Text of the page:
Yesterday, June 19, Moscow’s respected business daily Kommersant reported that Russia’s arms trading monopoly Rosoboronexport has begun to fulfill an arms deal it secretly signed with Syria earlier this year to sell five MiG-31E (Foxhound) jet fighters, considered one of the best in the world, and an additional unspecified number of the newest MiG-29M/M2 fighter-bombers. The paper reported the total price to be around $1 billion. MiG-31s were produced in Nizhniy Novgorod at the Sokol aviation factory from 1981 to 1994 (some 500 planes overall). Since production has been terminated, Syria, according to Kommersant, will get the jets from the Russian Defense Ministry stockpile after a refurbishing at Sokol (Kommersant, June 19).
Kommersant suggested that Iran is partially or even fully covering the purchase bill, and that the jets may partially or fully end up as part of the Iranian air force. Commenting on the Kommersant report, Foreign Ministry spokesman Mikhail Kamiynin yesterday morning told reporters, “All Russian arms deals comply with international law and Russia’s obligations under international treaties and UN Security Council resolutions” (RIA-Novosti, June 19). This vague statement was widely taken as indirect conformation of the Kommersant story, but it later turned out to not be the case. By the evening of June 19 Rosoboronexport CEO Sergei Chemizov, speaking in Paris at the Le Bourget Air Show, had denied the existence of any jet fighter deal with Syria (RIA-Novosti, June 19).
This is not the first time that Kommersant has published a page-one “scoop” on breaking arms trade news that later turned out to be not fully accurate. Last month Kommersant reported that Libya and Russia were close to finalizing a $2.2 billion arms deal (see EDM, May 9). Neither Moscow nor Tripoli confirmed the report.
Last week Kommersant reported that Venezuelan President Hugo Chavez might buy nine Russian submarines, reportedly worth $2 billion, when he visits Moscow this month to meet President Vladimir Putin (Kommersant, June 14). This deal seemed fishy from the start, since it clearly exceeded the present capacity of Russian shipbuilders to make new subs and the Venezuelan navy’s capacity to run so many new ships. Kommersant reported that Venezuela had chosen Russian subs over others offered by Germany and France, which also sounded odd, because Russian conventional attack subs, including the latest models, are outdated and significantly inferior to German and French ones. Venezuelan Defense Minister Raul Isaias Baduel promptly denied that his government was planning to buy submarines from Russia (RIA-Novosti, June 15).
Kommersant claims the MiG-29M/M2 is more or less the same jet Russia is currently peddling to India as the MiG-35 (Kommersant, June 19). The MiG-35 is still only a flying prototype — not a real fighter — and the Russian Air Force does not have any such planes. If India chooses a European or U.S. fighter instead, the MiG-35 as well as the MiG-29M/M2 may never enter serial production.
The MiG-31, in turn, is a real fighting jet. Russia today has some 280 MiG-31s. Before delivering the aircraft to buyers, arms traders and producers first remove secret Russian military equipment. Then the jets are repainted and sold as “modernized” for high prices, creating sky-high profits that do not seem to ever reach state coffers (see EDM, July 31, 2006, January 4, 2007).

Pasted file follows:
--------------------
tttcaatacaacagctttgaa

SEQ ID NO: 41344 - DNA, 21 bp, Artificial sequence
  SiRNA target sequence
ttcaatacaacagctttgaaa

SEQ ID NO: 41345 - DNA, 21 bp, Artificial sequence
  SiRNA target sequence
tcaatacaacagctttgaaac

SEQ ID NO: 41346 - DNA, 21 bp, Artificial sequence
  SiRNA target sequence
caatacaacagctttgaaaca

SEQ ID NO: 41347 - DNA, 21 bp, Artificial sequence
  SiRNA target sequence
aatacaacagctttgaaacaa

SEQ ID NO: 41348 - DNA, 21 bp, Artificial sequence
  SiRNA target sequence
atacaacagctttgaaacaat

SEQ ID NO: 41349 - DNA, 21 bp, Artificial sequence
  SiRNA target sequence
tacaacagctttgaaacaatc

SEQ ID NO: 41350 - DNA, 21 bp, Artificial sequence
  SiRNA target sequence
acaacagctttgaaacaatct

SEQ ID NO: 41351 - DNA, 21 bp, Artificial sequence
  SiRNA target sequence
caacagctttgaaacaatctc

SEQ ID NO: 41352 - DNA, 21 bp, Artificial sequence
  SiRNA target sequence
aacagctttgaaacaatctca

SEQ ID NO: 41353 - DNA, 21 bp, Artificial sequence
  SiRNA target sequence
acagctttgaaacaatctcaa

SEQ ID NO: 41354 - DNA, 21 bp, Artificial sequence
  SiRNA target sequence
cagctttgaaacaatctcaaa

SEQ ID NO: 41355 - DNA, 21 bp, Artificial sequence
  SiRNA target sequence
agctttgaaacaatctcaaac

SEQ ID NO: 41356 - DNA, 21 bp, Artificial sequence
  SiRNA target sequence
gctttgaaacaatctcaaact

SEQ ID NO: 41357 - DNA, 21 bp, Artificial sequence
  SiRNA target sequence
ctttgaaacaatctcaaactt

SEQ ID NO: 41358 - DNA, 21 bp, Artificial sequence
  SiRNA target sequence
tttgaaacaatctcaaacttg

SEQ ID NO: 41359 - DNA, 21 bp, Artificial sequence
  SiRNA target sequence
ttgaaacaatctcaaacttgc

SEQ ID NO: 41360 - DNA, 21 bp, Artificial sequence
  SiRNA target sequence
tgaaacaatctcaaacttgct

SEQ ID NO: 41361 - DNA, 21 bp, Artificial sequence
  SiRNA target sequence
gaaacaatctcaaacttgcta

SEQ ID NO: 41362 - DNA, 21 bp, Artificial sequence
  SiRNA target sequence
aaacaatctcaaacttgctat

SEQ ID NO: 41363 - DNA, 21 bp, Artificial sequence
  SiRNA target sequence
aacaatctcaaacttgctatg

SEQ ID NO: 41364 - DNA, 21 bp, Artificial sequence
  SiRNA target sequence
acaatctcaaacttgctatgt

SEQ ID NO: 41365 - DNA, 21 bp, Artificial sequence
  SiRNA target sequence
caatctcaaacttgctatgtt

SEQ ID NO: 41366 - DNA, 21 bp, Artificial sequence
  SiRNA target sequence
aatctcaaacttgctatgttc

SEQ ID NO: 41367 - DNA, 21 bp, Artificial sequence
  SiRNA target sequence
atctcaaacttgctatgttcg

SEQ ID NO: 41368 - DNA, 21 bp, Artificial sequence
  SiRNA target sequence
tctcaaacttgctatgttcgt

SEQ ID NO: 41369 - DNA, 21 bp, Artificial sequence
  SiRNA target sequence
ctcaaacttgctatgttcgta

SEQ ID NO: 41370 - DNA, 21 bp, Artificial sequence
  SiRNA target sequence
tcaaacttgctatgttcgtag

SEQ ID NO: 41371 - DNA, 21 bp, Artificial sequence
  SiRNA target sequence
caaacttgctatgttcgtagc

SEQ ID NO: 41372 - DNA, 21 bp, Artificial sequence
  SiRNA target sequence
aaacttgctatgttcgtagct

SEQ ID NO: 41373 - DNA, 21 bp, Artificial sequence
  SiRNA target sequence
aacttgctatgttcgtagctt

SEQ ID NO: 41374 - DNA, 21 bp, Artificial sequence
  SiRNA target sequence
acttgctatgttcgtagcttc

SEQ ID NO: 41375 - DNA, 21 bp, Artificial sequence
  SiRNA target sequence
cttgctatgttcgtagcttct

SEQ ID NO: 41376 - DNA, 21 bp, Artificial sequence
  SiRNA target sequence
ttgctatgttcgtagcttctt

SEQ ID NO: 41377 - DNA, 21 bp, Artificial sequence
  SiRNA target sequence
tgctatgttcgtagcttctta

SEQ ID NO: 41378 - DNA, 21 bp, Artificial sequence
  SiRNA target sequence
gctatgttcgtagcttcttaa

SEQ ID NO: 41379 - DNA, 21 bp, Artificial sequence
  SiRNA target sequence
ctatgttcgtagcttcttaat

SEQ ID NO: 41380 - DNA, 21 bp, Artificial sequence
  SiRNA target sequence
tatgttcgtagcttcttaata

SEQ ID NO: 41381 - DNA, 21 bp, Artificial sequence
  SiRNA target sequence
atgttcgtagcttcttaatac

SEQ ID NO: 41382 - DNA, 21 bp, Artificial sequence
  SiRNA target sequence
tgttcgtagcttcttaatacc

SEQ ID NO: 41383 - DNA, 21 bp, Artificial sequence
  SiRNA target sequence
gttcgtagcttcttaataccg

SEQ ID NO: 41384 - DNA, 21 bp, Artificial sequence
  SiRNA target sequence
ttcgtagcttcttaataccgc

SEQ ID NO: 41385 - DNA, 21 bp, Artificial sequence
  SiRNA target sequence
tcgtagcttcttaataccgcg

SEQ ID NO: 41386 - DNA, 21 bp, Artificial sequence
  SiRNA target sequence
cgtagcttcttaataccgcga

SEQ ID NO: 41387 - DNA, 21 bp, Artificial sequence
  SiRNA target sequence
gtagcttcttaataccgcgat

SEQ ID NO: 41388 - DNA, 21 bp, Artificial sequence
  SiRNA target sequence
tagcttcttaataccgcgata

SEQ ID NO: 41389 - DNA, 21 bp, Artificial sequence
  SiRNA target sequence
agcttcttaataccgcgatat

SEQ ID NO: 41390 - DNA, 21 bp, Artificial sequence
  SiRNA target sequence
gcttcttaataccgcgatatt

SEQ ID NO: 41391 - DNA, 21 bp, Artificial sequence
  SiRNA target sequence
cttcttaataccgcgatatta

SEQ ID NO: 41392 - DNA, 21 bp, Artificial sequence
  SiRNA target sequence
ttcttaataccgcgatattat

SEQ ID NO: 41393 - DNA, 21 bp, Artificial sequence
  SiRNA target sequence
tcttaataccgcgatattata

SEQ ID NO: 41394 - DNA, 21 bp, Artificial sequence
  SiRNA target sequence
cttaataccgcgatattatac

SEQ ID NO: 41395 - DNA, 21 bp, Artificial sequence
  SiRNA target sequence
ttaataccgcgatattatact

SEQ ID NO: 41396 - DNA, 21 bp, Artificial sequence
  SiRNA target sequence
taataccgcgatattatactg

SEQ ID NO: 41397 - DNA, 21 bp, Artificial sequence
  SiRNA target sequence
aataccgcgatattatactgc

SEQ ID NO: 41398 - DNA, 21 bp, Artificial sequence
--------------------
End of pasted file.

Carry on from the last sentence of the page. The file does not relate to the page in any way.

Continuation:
Since the collapse of the Soviet Union in 1991, Moscow has been trying to sell the MiG-31. The plane has been displayed at air shows, but no customers have come forward. The MiG-31 is a highly specialized jet — not a fighter per se, but an interceptor specifically designed to kill long-range U.S. cruise missiles. The MiG-31 is a bulky two-seater that can carry up to eight air-to-air guided missiles with a range of up to 120 kilometers The MiG-31 can fly supersonic near the earth’s surface as well as high up. It is a purely defensive fighter, designed to be used over friendly territory to defend against massive air assaults. The MiG-31 has sophisticated and powerful radar that can track 24 different targets simultaneously and exchange information with other MiG-31s and ground control centers.
Any country that is seriously preparing to meet the U.S. military on the battlefield, as Iran seems to be, would want to have such a jet to meet a typical U.S. air assault complimented with hundreds or thousands of cruise missiles, as happened in 1999 in Yugoslavia and in 1991 and 2003 in Iraq. Syria could also want several such jets, if Washington were to decide to attack, say, terrorist-connected targets on its territory. The MiG-31 deal with Syria, as reported by Kommersant, seems more plausible, than stories about, say, nine subs for Venezuela.
Chemizov has denied the MiG-31 contract, but Kamiynin was deliberately noncommittal. Kommersant may have received confidential information about the possible deal and the leak could have been deliberate. The arms trade stories Kommersant has been printing may be tests of Western (U.S.) reactions, to see what would happen, if imaginary arms contracts suddenly turn out to be real. These leaks also may be a signal to the West to understand what woe to expect if the Russo-U.S. summit next month in Maine goes awry.